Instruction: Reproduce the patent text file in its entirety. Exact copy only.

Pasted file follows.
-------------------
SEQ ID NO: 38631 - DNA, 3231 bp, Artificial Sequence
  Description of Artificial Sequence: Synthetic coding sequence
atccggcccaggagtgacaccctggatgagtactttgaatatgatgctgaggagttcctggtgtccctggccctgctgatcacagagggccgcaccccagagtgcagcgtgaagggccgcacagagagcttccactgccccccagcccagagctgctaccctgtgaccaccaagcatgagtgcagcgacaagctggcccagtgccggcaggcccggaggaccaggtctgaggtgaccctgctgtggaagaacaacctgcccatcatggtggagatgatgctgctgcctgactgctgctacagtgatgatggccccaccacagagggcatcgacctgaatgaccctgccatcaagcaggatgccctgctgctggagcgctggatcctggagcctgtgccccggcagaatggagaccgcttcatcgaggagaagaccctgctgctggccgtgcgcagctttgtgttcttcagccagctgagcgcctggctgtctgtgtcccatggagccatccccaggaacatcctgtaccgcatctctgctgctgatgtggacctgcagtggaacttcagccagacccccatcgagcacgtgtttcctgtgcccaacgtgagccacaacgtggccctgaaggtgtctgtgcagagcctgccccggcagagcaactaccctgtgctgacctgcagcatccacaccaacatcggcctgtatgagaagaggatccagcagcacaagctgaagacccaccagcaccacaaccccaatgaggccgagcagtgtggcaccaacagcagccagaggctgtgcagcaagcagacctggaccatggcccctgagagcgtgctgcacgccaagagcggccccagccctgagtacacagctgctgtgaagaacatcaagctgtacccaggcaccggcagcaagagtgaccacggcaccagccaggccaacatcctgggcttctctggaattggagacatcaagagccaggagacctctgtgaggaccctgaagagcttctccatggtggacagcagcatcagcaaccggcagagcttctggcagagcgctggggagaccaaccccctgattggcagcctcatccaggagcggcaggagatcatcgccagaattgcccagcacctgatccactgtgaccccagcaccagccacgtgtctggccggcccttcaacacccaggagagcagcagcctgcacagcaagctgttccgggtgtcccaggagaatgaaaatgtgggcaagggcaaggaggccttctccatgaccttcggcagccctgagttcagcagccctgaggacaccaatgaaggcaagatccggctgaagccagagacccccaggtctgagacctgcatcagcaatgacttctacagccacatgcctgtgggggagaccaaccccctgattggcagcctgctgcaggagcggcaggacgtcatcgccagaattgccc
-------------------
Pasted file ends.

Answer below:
SEQ ID NO: 38631 - DNA, 3231 bp, Artificial Sequence
  Description of Artificial Sequence: Synthetic coding sequence
atccggcccaggagtgacaccctggatgagtactttgaatatgatgctgaggagttcctggtgtccctggccctgctgatcacagagggccgcaccccagagtgcagcgtgaagggccgcacagagagcttccactgccccccagcccagagctgctaccctgtgaccaccaagcatgagtgcagcgacaagctggcccagtgccggcaggcccggaggaccaggtctgaggtgaccctgctgtggaagaacaacctgcccatcatggtggagatgatgctgctgcctgactgctgctacagtgatgatggccccaccacagagggcatcgacctgaatgaccctgccatcaagcaggatgccctgctgctggagcgctggatcctggagcctgtgccccggcagaatggagaccgcttcatcgaggagaagaccctgctgctggccgtgcgcagctttgtgttcttcagccagctgagcgcctggctgtctgtgtcccatggagccatccccaggaacatcctgtaccgcatctctgctgctgatgtggacctgcagtggaacttcagccagacccccatcgagcacgtgtttcctgtgcccaacgtgagccacaacgtggccctgaaggtgtctgtgcagagcctgccccggcagagcaactaccctgtgctgacctgcagcatccacaccaacatcggcctgtatgagaagaggatccagcagcacaagctgaagacccaccagcaccacaaccccaatgaggccgagcagtgtggcaccaacagcagccagaggctgtgcagcaagcagacctggaccatggcccctgagagcgtgctgcacgccaagagcggccccagccctgagtacacagctgctgtgaagaacatcaagctgtacccaggcaccggcagcaagagtgaccacggcaccagccaggccaacatcctgggcttctctggaattggagacatcaagagccaggagacctctgtgaggaccctgaagagcttctccatggtggacagcagcatcagcaaccggcagagcttctggcagagcgctggggagaccaaccccctgattggcagcctcatccaggagcggcaggagatcatcgccagaattgcccagcacctgatccactgtgaccccagcaccagccacgtgtctggccggcccttcaacacccaggagagcagcagcctgcacagcaagctgttccgggtgtcccaggagaatgaaaatgtgggcaagggcaaggaggccttctccatgaccttcggcagccctgagttcagcagccctgaggacaccaatgaaggcaagatccggctgaagccagagacccccaggtctgagacctgcatcagcaatgacttctacagccacatgcctgtgggggagaccaaccccctgattggcagcctgctgcaggagcggcaggacgtcatcgccagaattgccc